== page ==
• By about 2050, due to the energy involved with all of the technology we use, there is a possibility that we simply don’t have enough power for it all and we will need massive adoption of alternative energy, particular solar.
  • For security reasons, it is imperative that we upgrade the electrical grid to account for cyber hacking our energy infrastructure.
  • Technology and production for electric vehicles and hybrid cars is improving so rapidly, that any significant increase in fossil fuel costs will drive people even more quickly, to the new lower priced transportation that will be coming to the market. 
  • Technology and production for solar and battery storage are improving so rapidly, that any significant increase in fossil fuel costs will drive people to adopt alternative energy more quickly.
  • Emerging market nations will skip building or expanding old power grids and move to those based on renewables and storage.

Here’s what we can expect to happen in general with investment ramifications. 

  • Deep water drilling for oil will become a very specialized and small business. This is already happening and will be permanent as deep water projects are large and costly requiring a lot of upfront money. Because these “megaprojects” take a decade or longer to pay back the banks and companies investing in those projects, only the most economic projects will get developed due to the fear that EVs and hybrid cars could adopt quickly in the 2020s.
  • Solar will continue to be a major part of new power generation. Already wind and solar are a majority of the new power generation that we need. Soon, solar and wind will be replacing coal fired power plants that are currently being replaced by natural gas.
  • Natural gas will remain a prominent part of the energy equation until the middle of the century for base power generation and back-up. Natural gas will slowly decline as a percentage of electricity generation as we use more electricity and it is supplied by solar and wind. Eventually, alternative energy and battery technology will get good enough to relegate natural gas to backup power status.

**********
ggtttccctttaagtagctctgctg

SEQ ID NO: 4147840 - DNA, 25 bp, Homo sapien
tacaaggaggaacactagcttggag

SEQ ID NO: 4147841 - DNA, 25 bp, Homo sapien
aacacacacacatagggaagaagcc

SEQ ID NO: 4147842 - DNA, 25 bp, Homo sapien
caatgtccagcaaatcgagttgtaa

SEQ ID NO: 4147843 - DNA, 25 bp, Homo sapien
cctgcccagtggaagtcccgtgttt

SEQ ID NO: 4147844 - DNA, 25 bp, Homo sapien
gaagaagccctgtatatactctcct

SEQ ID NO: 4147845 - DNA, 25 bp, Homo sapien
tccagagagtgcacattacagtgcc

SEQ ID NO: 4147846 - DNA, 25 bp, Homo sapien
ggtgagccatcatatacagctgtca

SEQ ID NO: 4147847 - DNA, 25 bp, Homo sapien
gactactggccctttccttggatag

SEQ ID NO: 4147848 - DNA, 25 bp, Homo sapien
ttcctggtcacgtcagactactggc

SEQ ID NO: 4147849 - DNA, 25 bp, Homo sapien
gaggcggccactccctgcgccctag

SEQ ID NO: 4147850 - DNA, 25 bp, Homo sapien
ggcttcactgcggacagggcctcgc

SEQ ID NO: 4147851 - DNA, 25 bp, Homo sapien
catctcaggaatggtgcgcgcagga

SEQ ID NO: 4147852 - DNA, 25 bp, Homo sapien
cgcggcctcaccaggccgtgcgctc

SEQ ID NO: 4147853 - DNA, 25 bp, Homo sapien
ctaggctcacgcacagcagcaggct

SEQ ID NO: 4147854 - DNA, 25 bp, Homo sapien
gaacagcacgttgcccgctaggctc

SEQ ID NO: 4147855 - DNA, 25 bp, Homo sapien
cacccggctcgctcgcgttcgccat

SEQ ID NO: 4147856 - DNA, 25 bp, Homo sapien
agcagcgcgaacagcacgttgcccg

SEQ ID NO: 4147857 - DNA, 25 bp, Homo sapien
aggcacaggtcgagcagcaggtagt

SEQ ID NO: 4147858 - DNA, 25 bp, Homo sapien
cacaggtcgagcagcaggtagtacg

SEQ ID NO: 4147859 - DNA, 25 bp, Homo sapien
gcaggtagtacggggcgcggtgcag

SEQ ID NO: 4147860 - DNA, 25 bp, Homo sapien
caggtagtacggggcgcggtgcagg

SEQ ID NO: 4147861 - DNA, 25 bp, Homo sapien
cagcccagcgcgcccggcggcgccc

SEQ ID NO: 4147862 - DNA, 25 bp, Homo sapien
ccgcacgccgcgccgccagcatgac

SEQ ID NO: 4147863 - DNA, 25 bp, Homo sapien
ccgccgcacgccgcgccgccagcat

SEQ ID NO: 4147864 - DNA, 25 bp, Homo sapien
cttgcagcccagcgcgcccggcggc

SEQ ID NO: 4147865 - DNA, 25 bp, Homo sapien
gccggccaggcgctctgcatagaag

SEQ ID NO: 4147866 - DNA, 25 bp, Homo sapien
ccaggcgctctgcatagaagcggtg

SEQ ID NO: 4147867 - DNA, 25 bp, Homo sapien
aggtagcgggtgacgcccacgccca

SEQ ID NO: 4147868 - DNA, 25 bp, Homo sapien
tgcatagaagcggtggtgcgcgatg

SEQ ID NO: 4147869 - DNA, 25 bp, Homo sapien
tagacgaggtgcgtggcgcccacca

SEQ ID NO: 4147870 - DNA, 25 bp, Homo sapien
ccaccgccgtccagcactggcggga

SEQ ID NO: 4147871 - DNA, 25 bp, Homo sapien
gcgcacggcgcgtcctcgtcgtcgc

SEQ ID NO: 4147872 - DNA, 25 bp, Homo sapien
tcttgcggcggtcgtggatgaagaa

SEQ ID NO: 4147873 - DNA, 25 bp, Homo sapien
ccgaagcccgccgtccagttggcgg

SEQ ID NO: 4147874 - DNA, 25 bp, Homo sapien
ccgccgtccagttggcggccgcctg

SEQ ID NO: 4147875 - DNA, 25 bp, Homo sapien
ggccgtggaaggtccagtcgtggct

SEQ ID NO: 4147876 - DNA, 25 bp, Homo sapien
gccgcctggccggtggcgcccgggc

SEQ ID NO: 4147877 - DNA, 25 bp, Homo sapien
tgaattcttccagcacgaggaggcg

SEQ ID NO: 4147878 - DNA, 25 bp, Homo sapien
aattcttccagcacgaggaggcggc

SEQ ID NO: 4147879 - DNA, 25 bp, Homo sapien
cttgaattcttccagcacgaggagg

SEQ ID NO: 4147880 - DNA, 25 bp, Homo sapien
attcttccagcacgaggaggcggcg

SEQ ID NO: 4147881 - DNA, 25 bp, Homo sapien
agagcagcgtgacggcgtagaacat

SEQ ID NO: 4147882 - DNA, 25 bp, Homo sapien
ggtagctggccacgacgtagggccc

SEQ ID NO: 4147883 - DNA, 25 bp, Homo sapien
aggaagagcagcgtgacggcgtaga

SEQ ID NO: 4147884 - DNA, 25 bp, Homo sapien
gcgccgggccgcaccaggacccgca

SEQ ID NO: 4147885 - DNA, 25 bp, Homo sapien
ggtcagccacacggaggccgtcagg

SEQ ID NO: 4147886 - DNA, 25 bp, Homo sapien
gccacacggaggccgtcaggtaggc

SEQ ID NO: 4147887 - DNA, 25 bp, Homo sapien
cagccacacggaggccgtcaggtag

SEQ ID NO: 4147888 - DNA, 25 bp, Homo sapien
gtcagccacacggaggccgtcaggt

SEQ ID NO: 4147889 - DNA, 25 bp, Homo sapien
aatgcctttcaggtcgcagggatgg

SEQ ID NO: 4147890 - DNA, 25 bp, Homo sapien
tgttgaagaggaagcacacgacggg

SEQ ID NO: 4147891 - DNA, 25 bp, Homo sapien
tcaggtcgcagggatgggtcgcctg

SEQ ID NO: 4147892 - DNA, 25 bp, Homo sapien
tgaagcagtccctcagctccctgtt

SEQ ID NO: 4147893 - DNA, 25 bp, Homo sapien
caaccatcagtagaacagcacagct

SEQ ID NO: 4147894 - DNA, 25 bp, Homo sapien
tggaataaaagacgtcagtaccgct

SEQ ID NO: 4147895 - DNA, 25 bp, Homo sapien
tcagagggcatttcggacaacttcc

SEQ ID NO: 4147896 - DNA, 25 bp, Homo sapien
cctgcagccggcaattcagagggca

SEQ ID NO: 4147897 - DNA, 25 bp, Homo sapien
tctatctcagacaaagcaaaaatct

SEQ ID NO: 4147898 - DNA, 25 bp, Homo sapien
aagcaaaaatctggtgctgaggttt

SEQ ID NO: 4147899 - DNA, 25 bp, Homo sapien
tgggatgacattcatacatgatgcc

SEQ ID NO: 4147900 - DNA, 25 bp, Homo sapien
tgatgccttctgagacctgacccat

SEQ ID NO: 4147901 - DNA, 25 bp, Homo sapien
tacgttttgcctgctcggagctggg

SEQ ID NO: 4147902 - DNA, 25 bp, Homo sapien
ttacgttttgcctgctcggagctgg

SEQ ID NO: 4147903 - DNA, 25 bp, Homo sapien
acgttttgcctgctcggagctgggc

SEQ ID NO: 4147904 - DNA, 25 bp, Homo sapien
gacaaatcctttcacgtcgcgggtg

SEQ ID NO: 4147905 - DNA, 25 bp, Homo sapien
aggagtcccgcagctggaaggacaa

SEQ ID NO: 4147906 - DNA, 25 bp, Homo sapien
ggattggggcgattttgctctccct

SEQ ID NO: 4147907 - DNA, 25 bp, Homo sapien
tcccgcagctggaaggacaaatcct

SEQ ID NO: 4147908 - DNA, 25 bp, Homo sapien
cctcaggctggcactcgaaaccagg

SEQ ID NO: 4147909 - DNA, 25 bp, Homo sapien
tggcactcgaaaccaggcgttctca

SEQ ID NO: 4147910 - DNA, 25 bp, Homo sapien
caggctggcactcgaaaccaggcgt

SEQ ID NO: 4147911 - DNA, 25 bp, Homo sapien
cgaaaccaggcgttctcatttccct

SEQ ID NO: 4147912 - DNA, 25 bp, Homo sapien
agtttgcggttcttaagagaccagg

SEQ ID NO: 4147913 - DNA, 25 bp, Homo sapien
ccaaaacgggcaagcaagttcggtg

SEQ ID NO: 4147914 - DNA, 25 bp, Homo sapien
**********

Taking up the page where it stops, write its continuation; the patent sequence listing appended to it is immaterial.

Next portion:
• Electric cars and batteries are coming down fast in price while range increases. There will be a press release in the next decade that goes something like this: “We now have EVs that go 400600 miles on a charge, cost the same as internal combustion engine cars (gasoline cars), require less maintenance due to not needing oil changes and as many moving parts, are faster than ICE cars and drive themselves if you want them to.” When that PR comes, from Tesla, Toyota, BMW or whatever company, it will mark the spot on the calendar that we will remember as the rapid adoption of EVs. Hybrid vehicles, especially for SUVs and pick-ups will become very popular as those vehicles often get used for longer trips.
  • The combination of improving solar tech, batteries, EVs and hybrid plugin cars will require a lot more electric generation. The synergies between those will be massive and lead to new homes having solar roofs as a matter of course in the 2020s and a battery storage system that I anticipate will not be lithium based. 
  • The grid will start to become much smarter and use the IoT to control everything from meters to street lights. Power transmission will become much more intelligent as well, being able to be directed to where it is needed at a millisecond notice. This buildout will take two to three decades, employ hundreds of thousands long-term and surely create some big winners in the space among private and stock companies. 

For investors, and those looking for better paying more secure work, these changes present a massive opportunity. I am dedicating a significant portion of my time and financial resources to understanding this segment of the economy. There will be utilities to invest in for the more conservative as always, but also industrial, construction, engineering and technology companies to invest in for bigger gains. 

The More Things Change…

…the more they stay the same. Just as we made the jump from horse and buggies to gasoline powered cars, we will make the jump to EVs. And just as we moved to a more modern electric grid after World War II, we’ll do it again, hopefully this time without a world war.

Change is constant. Thus, it is the same. Embrace change and the opportunities it brings. We can do invest in these massive changes with a margin of safety as investors as long as we avoid blind speculation and find emerging trends that are becoming profitable. 

Happy Independence Day

Kirk Spano